Did you know about the Open Source Psychometrics project? It has more than two dozen personality tests that are all free to use with a creative commons license and posts large, open access datasets for their validation? Wow. What’s even stranger is that this site has no university affiliation, so far as I can tell and I can’t find any info on the site’s administrator. They’ve collected data from ~300,000 people here, these datasets are massive and an incredible resource, but are also virtually untouched by the academy. It’s downright criminal.
Case in point, the Open Sex Roles Inventory (OSRI). I started looking up data on Bem’s Sex Role inventory to help enrich the gender section of my intro psychology class, when I came across this measure. The open dataset had ~20,000 data points in it and I thought it’d be fun to play around with. I sent an email to the site administrator asking about how to score it and validation info. No email response, but the website was updated four days later with a TON of info and modifications to the scale to make a 20-item, more well-validated short form from the original 44 items. Seriously, who is this wonderful person? These data could easily be published in any personality journal they wanted, but they’re just free for all to use with no glory or publishing prestige. Searching online, I found a single publication using the OSRI, and it was a Ph.D. dissertation that used the data to test out a new method of measurement invariance, for which this particular data was mostly incidental (finding that the 44-item version of the OSRI didn’t have measurement invariance across heterosexual vs. non-heterosexual groups.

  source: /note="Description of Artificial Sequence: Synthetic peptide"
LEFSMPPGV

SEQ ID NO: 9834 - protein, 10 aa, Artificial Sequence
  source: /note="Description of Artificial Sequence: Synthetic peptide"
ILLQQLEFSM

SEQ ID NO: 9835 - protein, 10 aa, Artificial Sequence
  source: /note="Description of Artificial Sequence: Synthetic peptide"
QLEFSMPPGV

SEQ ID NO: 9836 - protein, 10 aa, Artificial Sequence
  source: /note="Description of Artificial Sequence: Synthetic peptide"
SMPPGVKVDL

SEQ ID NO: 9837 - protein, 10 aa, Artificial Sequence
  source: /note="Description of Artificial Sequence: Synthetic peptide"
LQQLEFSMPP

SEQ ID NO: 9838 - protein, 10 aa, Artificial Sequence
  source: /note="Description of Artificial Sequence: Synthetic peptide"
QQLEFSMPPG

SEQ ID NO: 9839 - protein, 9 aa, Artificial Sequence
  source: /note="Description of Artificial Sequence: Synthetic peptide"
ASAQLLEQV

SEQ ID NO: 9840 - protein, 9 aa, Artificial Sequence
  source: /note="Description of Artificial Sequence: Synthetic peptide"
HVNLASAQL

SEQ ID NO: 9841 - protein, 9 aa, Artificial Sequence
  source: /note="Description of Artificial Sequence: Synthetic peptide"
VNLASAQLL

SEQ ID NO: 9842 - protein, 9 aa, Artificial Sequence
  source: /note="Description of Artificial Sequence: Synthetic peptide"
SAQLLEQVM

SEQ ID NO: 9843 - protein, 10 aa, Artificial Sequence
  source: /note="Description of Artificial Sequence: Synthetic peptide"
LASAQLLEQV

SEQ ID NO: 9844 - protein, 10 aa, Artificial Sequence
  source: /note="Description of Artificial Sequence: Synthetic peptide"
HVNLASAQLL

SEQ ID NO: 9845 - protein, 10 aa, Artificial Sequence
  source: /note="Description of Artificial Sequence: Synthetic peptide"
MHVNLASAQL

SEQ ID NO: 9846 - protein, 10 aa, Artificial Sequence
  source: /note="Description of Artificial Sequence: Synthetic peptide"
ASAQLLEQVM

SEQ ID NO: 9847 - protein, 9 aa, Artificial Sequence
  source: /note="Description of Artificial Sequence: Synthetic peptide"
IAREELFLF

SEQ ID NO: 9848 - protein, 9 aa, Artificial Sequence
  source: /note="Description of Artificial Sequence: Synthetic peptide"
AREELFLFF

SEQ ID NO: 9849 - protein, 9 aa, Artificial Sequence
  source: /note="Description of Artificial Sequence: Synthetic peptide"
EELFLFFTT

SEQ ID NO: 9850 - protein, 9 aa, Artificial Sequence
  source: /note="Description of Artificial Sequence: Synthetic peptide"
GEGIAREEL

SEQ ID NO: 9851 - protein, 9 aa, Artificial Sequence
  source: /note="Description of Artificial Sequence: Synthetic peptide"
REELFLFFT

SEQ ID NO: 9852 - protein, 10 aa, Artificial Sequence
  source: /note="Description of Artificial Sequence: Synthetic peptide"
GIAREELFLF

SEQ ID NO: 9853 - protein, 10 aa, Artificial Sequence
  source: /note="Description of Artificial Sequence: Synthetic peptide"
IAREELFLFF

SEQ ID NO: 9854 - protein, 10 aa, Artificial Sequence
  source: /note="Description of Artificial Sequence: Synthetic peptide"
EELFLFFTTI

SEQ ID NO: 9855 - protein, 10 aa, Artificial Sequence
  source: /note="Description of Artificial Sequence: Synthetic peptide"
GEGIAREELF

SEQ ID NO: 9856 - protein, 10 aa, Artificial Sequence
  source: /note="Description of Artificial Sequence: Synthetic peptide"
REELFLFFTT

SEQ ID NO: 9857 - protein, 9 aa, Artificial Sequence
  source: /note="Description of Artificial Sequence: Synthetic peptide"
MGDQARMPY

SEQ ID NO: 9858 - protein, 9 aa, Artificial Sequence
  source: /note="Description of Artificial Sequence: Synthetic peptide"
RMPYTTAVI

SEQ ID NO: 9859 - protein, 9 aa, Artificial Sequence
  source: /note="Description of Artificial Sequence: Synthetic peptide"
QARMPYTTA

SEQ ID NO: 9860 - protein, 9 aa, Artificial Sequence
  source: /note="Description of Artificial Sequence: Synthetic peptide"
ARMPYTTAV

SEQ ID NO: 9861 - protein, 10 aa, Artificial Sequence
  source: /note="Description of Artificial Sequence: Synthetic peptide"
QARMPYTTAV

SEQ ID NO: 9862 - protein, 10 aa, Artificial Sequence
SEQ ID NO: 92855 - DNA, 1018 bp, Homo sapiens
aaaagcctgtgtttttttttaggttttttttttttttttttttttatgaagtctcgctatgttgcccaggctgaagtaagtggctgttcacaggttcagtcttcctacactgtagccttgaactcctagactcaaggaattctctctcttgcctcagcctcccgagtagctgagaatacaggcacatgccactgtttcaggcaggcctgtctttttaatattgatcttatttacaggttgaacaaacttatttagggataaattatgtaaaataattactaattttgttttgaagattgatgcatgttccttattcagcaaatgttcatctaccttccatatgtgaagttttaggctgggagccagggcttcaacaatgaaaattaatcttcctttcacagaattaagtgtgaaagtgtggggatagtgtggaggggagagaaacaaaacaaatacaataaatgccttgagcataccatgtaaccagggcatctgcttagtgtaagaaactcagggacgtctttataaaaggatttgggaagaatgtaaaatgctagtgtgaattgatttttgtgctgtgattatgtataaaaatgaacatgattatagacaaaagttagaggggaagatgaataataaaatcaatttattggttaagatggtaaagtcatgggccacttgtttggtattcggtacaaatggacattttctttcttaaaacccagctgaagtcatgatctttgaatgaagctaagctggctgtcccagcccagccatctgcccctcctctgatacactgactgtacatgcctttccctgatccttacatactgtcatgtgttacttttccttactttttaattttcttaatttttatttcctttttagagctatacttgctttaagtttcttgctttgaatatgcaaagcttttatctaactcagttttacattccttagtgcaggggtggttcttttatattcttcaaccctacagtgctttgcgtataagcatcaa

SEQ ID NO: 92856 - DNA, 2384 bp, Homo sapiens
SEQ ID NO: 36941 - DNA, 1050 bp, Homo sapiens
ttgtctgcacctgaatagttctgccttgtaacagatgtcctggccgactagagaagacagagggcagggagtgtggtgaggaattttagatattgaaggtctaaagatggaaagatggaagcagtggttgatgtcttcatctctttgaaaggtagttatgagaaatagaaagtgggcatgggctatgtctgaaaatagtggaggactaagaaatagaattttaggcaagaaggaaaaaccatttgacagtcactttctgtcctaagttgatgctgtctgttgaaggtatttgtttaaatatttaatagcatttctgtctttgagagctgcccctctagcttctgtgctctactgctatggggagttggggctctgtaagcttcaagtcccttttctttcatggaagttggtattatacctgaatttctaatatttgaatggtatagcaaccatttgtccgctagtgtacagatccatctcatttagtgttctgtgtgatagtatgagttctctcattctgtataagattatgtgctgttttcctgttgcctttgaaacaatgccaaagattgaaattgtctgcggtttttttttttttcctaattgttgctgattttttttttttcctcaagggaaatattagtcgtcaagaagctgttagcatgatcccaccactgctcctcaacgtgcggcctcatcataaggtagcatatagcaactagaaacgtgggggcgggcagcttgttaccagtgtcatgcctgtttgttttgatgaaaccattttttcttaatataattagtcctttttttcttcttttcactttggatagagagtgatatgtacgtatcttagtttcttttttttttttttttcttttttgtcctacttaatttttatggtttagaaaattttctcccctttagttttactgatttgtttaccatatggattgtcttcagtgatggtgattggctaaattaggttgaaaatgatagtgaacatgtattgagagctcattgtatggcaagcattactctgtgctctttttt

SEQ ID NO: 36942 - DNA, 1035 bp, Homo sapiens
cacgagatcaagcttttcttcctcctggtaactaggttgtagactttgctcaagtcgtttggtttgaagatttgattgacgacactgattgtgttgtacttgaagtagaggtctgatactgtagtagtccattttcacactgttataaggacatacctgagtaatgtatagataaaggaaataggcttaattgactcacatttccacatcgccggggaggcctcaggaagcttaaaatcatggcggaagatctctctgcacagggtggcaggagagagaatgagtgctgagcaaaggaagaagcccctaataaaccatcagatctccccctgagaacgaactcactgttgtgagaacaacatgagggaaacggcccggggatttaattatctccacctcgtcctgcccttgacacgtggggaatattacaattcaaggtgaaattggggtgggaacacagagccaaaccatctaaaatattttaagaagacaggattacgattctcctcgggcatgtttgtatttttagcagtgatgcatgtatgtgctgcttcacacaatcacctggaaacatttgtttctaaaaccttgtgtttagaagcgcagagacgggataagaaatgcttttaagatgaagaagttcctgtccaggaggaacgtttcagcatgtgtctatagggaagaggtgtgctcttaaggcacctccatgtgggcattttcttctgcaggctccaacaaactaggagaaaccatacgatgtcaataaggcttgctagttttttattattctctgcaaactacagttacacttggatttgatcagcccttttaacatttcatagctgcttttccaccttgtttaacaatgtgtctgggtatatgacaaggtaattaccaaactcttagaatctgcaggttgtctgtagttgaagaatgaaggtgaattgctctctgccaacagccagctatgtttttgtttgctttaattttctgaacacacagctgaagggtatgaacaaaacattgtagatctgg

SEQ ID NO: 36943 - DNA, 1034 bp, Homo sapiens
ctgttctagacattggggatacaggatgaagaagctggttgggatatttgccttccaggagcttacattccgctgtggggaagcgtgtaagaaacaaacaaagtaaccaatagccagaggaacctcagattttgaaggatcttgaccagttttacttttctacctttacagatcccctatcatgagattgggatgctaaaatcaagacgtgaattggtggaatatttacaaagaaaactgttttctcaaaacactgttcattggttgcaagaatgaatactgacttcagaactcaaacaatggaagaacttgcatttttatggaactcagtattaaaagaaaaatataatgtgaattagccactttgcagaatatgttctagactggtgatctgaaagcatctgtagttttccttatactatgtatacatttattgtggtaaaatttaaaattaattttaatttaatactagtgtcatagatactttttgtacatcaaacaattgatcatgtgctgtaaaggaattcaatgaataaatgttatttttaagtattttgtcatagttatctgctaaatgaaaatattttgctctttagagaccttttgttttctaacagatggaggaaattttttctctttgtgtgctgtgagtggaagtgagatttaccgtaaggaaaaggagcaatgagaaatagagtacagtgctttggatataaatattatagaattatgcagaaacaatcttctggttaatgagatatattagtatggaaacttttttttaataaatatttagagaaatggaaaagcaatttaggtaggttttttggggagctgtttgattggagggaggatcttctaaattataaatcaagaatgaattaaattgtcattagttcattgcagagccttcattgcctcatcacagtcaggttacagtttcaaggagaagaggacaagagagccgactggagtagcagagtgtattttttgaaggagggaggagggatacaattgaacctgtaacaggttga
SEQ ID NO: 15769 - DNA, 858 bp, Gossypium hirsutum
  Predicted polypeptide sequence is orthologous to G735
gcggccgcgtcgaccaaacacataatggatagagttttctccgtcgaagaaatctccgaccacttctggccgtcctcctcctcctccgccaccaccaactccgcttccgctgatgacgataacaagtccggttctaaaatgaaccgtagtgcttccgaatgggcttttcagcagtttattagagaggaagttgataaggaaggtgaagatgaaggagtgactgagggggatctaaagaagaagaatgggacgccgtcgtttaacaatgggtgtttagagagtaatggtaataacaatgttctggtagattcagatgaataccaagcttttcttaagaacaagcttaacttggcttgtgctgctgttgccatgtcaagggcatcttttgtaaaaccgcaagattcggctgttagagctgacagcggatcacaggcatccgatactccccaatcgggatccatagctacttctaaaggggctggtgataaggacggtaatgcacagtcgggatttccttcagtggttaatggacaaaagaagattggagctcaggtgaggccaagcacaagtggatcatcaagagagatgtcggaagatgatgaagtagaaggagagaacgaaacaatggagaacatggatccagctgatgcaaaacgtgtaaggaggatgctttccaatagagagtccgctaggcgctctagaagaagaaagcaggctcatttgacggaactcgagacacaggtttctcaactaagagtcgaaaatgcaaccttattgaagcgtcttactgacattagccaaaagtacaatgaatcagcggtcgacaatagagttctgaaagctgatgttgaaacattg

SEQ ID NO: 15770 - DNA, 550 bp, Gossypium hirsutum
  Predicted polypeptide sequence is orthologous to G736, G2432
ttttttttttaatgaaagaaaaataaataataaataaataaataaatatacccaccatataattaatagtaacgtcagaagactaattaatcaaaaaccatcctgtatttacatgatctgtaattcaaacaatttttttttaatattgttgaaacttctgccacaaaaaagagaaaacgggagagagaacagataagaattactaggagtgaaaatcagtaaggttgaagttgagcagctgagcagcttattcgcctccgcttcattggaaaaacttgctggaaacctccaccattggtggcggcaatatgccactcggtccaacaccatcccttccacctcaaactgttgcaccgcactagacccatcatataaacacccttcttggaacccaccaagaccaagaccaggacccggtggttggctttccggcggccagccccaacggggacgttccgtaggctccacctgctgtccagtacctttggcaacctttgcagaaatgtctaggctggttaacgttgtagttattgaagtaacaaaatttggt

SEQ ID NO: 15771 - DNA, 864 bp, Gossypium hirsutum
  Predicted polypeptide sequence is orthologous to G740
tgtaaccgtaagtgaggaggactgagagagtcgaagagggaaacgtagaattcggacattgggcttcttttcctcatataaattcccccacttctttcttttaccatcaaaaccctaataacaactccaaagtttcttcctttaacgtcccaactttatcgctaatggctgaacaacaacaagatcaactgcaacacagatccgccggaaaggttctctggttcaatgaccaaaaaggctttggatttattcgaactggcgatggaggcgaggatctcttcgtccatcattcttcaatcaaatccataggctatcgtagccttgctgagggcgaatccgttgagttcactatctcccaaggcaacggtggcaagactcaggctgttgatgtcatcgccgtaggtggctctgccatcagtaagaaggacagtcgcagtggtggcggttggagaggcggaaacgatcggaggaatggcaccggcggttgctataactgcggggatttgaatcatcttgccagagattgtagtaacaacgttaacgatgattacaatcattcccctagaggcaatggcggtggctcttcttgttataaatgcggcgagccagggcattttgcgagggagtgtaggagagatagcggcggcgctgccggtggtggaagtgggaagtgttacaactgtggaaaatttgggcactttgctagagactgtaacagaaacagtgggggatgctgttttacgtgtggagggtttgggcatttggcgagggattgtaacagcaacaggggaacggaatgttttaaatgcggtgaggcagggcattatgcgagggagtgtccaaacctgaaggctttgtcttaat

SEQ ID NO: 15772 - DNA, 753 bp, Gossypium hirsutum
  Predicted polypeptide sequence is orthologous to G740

Anyway, back to the point. I wanted to have a visualization for my intro psychology class to clarify the distinction between sex (i.e., biological/physiological) and gender (i.e., socio-cultural). Specifically, I wanted to talk about Sandra Bem’s theory published way back in 1974 that gender roles are spectrum with at least two dimensions (masculinity vs. femininity). I’m aware of challenges to this distinction (e.g., that sex/gender are inseparable, and that sex is also a spectrum), but broadly won’t get into that here. In any event, the dataset I have only has sex measured as “Male, Female, Other,” so a categorical model will need to do for now. My goal was to show that there is a sizable minority of people beyond cis-gendered men and women. The dataset is pretty large (~16,000 after missing data was removed), so I decided to use geom_hex() with the viridis color scheme. This crushes my computer, and takes a long time to run but in the end, after a lot of obsessing over details, I am happy with the result. Special thanks to this post on Stack Overflow that helped me solve an graphical glitch that stumped me for a long time.
ggplot(mydata2, aes(x = FemSF, y = MascSF)) + geom_hex(aes(colour = ..count..), bins = 22) + theme_classic() + facet_grid(. ~ gender) + scale_fill_viridis() + geom_hline(yintercept = mean(mydata$MascSF)) + geom_vline(xintercept = mean(mydata$FemSF)) + labs(y = "Masculinity", x = "Femininity" ) + geom_text(x=4.25, y=4.25, label="Androgynous", col = "darkslategray2") + geom_text(x=2.0, y=1.75, label="Undifferentiated", col = "darkslategray2") + geom_text(x=2.0, y=4.25, label="Masculine", col = "darkslategray2") + geom_text(x=4.25, y=1.75, label="Feminine", col = "darkslategray2")